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Ordinary Time: October 29th

Saturday of the Thirtieth Week of Ordinary Time

Other Commemorations: St. Narcissus of Jerusalem, Bishop (RM)


October 29, 2011 (Readings on USCCB website)


Almighty and ever-living God, our source of power and inspiration, give us strength and joy in serving you as followers of Christ, who lives and reigns with you and the Holy Spirit, God, for ever and ever. Amen.


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Historically today is the feast of St. Narcissus who was consecrated Bishop of Jerusalem about the year 180. He was already an old man, and God attested his merits by many miracles, which were long held in memory by the Christians of Jerusalem. The holy bishop had long desired a life of solitude, and he withdrew secretly into the desert, leaving the Church in peace. But God spoke for His servant, and the bishop's accusers suffered the penalties they had invoked. Then Narcissus returned to Jerusalem and resumed his office. He died in extreme old age, bishop to the last.

St. Narcissus of Jerusalem
Born in Greece; died c. 215. Saint Narcissus was at least 80 when he was made the 30th bishop of Jerusalem. In a letter written in 212, Saint Alexander, who later became his coadjutor, refers to Narcissus as being 116 years old. He was one of those who at a council held at Jerusalem favored the Roman custom of celebrating Easter.

Eusebius states that in his time many of the miracles wrought by Saint Narcissus were still remembered by the people of Jerusalem. One Easter Eve, when the supply of oil for the lamps in the church had run out, Narcissus told his deacons to bring him some water from the neighboring wells. After he had prayed over it, he had the deacons pour the water into the lamps, which they did. To the amazement of the faithful, the water was miraculously converted into oil. Some of this oil was kept there as a memorial at the time when Eusebius wrote his history.

Although Narcissus was ancient when he assumed the see of Jerusalem, he was not a weak bishop. He censured slackness among the laity and clergy throughout his diocese. Perhaps because of the severity with which he enforced the observance of discipline, he provoked the hostility of three perjurers who accused him of some crime that Eusebius does not specify but that the three men affirmed with violent oaths. “May I be burned alive if I am lying,” said the first. “May I be stricken with leprosy,” said the second. “May I be deprived of my sight,” said the third. Not long afterwards, the first died with his entire family in a house fire, and the second died of leprosy. The third was so terrified by what had befallen his fellow calumniators that he confessed the conspiracy and slander. His tears of repentance were so copious that he is said to have lost his sight before he died.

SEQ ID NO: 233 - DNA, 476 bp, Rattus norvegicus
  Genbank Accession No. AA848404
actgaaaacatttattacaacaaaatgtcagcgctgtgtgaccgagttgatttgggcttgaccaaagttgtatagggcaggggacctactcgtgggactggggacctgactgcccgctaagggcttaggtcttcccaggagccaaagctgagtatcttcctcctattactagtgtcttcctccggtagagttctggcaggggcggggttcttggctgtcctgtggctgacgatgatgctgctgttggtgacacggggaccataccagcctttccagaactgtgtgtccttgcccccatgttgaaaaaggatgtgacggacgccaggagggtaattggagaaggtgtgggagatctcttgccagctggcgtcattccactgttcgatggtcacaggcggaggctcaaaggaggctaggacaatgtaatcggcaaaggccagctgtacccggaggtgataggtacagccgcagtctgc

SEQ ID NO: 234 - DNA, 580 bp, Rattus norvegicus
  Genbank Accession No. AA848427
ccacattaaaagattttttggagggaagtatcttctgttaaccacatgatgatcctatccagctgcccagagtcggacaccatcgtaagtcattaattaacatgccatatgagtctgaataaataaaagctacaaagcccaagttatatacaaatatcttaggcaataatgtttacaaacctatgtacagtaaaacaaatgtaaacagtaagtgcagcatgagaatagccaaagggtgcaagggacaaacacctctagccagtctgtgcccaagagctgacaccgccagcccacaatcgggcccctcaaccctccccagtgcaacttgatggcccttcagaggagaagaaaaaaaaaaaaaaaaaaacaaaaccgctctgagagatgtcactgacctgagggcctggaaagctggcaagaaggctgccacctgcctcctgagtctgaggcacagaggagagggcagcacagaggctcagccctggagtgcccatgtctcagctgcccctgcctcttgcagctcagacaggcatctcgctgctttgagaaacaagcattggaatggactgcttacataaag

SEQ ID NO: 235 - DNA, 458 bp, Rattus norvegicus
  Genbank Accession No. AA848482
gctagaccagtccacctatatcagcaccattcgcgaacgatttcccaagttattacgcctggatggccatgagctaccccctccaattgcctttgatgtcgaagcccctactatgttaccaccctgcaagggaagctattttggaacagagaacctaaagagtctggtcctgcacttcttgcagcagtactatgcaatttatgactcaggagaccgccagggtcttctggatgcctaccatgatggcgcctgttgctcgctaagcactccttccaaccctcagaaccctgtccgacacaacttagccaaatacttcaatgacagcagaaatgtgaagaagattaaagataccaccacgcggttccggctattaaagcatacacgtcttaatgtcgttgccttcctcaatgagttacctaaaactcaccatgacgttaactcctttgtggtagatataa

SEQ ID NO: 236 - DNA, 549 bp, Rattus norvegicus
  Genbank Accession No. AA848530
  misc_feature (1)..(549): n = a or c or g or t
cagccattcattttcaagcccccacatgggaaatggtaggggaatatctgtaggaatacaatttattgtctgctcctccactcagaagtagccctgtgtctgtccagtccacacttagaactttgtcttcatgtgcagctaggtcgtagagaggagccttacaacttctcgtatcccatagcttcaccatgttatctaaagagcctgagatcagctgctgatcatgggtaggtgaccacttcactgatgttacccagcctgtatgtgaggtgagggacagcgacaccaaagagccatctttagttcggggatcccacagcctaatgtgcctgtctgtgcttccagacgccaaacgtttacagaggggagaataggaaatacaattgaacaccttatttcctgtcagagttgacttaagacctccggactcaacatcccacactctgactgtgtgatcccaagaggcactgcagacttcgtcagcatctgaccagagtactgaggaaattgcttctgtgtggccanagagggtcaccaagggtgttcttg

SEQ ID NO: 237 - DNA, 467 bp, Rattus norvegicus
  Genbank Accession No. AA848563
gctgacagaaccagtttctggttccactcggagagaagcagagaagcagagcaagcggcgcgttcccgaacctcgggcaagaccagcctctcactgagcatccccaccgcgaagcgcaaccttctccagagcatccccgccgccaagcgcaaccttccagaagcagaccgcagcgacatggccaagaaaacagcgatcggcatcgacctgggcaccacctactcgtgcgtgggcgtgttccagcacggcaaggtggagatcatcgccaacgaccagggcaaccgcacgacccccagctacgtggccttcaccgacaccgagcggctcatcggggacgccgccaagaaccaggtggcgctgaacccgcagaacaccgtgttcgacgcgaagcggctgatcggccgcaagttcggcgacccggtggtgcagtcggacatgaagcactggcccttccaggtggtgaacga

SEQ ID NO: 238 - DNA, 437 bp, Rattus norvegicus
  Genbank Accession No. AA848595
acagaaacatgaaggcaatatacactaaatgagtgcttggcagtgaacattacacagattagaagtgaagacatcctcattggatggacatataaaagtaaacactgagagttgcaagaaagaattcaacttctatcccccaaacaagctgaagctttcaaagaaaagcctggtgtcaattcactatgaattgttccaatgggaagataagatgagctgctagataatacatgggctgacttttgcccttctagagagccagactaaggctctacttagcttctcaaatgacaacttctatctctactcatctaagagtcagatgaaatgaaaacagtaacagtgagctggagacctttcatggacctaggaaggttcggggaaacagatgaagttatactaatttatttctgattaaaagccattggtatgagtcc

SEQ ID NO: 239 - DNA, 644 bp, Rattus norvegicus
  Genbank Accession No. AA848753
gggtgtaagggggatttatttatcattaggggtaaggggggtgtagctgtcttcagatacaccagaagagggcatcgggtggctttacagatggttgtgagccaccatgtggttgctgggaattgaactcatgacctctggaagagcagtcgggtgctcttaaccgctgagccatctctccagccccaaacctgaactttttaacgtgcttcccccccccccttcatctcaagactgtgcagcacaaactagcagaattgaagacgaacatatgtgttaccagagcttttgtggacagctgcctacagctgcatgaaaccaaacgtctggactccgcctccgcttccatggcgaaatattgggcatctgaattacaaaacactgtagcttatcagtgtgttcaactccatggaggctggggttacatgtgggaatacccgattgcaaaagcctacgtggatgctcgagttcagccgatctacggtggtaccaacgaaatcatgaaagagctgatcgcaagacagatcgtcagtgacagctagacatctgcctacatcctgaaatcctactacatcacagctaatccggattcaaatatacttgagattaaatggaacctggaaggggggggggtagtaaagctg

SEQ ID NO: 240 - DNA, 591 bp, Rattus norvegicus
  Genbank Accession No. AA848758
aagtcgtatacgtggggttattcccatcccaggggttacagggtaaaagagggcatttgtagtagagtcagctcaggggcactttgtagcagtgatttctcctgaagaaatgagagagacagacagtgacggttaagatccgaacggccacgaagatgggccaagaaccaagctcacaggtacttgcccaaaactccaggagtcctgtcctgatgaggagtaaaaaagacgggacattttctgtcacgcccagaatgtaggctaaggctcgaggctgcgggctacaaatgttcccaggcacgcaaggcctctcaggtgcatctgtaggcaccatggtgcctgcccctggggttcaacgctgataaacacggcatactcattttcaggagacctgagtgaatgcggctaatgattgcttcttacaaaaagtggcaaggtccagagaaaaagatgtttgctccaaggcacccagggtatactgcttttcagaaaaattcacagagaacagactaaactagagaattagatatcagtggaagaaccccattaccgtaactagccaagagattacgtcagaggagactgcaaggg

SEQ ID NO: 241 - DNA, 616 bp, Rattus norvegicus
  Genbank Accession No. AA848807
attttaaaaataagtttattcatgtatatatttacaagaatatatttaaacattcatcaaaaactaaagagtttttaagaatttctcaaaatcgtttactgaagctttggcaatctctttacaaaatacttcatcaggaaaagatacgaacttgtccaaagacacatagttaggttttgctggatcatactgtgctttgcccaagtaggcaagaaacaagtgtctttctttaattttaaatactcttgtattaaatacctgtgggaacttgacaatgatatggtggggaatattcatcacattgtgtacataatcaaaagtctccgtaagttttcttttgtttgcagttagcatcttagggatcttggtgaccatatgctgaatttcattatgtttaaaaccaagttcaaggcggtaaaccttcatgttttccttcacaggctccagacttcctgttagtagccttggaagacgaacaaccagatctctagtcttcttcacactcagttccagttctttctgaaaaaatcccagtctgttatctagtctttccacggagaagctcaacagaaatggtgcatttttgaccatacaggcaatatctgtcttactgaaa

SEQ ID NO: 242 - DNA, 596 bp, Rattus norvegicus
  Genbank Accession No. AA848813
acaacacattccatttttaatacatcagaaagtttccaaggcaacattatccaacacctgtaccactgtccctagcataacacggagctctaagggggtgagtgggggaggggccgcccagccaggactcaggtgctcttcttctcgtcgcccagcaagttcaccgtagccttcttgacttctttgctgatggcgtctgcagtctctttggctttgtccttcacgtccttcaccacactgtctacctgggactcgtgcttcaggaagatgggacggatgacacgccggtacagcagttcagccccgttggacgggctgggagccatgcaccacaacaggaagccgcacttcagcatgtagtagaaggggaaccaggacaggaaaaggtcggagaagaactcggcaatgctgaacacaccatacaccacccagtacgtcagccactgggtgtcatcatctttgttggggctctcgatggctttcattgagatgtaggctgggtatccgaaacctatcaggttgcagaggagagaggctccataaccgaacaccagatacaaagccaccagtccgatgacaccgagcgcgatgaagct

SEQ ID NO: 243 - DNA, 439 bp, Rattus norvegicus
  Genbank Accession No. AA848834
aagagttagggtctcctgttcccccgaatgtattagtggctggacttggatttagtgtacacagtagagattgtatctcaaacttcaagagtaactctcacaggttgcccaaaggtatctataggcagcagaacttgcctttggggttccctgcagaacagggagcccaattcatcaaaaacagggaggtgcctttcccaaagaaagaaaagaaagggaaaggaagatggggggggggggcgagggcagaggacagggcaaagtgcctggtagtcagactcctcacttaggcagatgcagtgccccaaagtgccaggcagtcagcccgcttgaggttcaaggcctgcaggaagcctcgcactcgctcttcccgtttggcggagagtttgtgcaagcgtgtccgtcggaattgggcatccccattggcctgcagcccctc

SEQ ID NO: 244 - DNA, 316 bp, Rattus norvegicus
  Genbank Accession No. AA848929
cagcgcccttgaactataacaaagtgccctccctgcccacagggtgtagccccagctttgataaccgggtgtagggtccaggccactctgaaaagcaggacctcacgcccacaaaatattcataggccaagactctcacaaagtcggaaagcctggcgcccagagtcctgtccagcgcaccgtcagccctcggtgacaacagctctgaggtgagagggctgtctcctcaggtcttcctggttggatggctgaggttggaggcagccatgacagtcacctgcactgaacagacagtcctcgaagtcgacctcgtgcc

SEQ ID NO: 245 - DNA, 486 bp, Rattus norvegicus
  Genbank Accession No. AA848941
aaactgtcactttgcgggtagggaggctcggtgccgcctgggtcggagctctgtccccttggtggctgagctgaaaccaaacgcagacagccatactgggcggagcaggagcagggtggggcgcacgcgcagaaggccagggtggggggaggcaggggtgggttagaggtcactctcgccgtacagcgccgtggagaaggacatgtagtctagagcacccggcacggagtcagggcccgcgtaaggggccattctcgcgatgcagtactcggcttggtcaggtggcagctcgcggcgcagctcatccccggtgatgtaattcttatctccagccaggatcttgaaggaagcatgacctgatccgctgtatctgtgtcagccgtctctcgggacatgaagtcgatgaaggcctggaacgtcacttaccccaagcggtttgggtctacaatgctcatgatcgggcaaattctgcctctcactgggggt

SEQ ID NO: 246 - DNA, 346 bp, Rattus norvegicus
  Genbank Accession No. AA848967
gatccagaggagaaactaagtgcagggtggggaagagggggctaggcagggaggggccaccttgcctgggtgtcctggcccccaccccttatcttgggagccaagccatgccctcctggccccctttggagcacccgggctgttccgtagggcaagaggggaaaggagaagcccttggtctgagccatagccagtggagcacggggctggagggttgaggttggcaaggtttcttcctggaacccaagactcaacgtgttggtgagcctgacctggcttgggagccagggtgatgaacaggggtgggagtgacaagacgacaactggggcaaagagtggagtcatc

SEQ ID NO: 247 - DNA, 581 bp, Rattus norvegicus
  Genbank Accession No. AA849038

Though vindicated—indeed few people at the time had believed the accusation brought against him—Narcissus use the scandal as an excuse to go into retreat to pray constantly without distraction, an ambition which he had long cherished.

During his absence, first Dius (or Pius), then Germanius, and then Gordius filled his see. Narcissus lived in such complete solitude that it was widely assumed that he had died, and his sudden return to Jerusalem had the same effect as if he had indeed come back from the dead. He was received with great rejoicing by the people of his diocese who urged him to stay and resume his episcopal functions. Narcissus agreed but, on account of his great age, appointed Saint Alexander to help him. He continued in his office until his death, which is believed to have taken place in about 220-222 (Benedictines, Bentley, Delaney, Encyclopedia, Husenbeth).

In art, Saint Narcissus is depicted as a bishop holding a thistle in blossom. Sometimes there is a pitcher of water near him or an angel is shown carrying his soul to heaven (Roeder).
—Katherine Rabenstein, Saints of the Day

Symbols or Usually Represented As: a bishop holding a blooming thistle; a bishop with a pitcher of water; an angel carrying a bishop's soul to Heaven

Patronage: against insect bites

Highlights and Things To Do:

  • Not much is known about this bishop of Jerusalem. Read some other accounts at:
  • Narcissus is an odd choice of a saint's name, because in mythology Narcissus was the stunningly handsome young man, but had turned away all suitors and actually fallen in love with his own reflection in a pool of water, staring at it for the remainder of his days. This mythological character is the origin of the term narcissism, which is an over-fixation with oneself. It also identified as a psychiatric condition of a narcissistic personality disorder, someone who has a sense of grandiosity, excessive need for attention and admiration, and an inability to empathize. Today there is more awareness of identification of narcissist tendencies in people, and perhaps society in general.

    Considering what we know about St. Narcissus, his life was an example of service to the Lord and others, breaking the self-love of his name.